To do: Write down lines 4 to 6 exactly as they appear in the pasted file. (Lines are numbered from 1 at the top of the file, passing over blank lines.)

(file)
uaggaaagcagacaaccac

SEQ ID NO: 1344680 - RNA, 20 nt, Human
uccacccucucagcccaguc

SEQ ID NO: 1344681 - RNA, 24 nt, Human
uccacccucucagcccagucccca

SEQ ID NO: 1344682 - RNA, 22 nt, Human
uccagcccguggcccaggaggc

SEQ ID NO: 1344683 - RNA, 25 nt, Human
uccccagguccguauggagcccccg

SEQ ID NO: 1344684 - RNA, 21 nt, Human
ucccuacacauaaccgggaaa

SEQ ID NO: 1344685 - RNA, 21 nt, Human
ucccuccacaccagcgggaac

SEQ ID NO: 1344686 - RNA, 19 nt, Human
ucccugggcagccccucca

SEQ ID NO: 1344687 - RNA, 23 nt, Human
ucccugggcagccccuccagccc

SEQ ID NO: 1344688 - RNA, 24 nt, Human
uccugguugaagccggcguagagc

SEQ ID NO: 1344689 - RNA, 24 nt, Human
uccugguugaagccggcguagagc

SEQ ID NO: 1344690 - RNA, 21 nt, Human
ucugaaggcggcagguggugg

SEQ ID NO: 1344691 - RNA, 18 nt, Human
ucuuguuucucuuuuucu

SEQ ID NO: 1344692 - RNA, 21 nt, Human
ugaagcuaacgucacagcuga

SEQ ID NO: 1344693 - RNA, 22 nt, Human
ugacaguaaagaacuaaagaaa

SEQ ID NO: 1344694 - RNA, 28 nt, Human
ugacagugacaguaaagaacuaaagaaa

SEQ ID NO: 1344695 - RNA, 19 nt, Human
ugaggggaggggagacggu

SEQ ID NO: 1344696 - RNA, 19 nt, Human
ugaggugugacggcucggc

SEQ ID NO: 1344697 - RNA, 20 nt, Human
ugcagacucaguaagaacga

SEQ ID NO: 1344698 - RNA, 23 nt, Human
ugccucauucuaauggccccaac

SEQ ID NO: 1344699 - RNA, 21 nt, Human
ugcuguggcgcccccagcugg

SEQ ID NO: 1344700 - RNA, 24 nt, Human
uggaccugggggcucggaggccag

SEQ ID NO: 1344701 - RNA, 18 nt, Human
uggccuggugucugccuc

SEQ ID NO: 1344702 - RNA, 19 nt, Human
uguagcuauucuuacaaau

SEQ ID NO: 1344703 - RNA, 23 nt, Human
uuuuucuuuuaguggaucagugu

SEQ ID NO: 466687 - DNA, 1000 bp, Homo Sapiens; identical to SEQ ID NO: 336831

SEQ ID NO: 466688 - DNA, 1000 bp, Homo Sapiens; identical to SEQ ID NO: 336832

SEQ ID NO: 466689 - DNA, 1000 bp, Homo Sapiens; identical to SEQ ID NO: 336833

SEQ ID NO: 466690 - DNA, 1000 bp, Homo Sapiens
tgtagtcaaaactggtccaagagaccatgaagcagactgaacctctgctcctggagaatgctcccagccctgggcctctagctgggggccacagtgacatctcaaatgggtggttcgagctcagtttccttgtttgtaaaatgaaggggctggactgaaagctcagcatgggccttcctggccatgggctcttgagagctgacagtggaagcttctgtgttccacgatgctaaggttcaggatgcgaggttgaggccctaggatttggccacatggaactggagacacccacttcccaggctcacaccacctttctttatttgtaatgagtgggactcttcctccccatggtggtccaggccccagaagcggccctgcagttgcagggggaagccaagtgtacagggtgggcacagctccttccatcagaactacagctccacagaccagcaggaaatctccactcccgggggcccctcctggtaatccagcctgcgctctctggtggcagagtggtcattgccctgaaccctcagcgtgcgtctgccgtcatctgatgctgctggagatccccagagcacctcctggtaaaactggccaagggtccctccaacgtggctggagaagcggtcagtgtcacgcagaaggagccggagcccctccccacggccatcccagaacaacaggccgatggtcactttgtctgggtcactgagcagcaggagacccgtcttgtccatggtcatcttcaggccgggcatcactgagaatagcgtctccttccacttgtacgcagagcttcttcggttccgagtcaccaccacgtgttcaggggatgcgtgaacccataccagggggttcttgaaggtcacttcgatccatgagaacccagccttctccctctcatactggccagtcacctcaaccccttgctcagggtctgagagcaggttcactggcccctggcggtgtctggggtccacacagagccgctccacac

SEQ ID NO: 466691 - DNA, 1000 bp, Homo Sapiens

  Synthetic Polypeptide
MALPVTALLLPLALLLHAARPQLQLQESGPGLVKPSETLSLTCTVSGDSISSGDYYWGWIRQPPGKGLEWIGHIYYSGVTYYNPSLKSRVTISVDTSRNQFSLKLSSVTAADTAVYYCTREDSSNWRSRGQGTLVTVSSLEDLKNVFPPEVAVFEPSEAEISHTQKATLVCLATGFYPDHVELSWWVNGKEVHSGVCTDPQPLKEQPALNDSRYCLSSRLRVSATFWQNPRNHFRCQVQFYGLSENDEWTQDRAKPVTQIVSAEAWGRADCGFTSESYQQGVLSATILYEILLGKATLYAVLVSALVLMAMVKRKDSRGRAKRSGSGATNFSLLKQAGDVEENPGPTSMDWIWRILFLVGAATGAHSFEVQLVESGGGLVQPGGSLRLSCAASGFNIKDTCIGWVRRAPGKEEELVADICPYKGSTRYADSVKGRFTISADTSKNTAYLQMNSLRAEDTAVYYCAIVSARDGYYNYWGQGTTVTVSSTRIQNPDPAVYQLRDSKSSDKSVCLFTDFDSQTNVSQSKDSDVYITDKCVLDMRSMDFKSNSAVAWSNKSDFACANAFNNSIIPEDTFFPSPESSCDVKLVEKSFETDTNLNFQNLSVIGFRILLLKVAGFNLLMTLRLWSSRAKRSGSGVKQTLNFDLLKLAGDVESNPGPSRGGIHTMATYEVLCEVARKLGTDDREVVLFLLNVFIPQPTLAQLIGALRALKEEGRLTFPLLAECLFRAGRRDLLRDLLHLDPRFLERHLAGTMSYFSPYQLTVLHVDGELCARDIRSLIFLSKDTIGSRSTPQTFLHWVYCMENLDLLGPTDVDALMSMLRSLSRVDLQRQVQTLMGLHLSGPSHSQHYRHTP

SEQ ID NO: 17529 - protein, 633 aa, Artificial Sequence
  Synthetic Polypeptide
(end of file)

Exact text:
SEQ ID NO: 1344681 - RNA, 24 nt, Human
uccacccucucagcccagucccca

SEQ ID NO: 1344682 - RNA, 22 nt, Human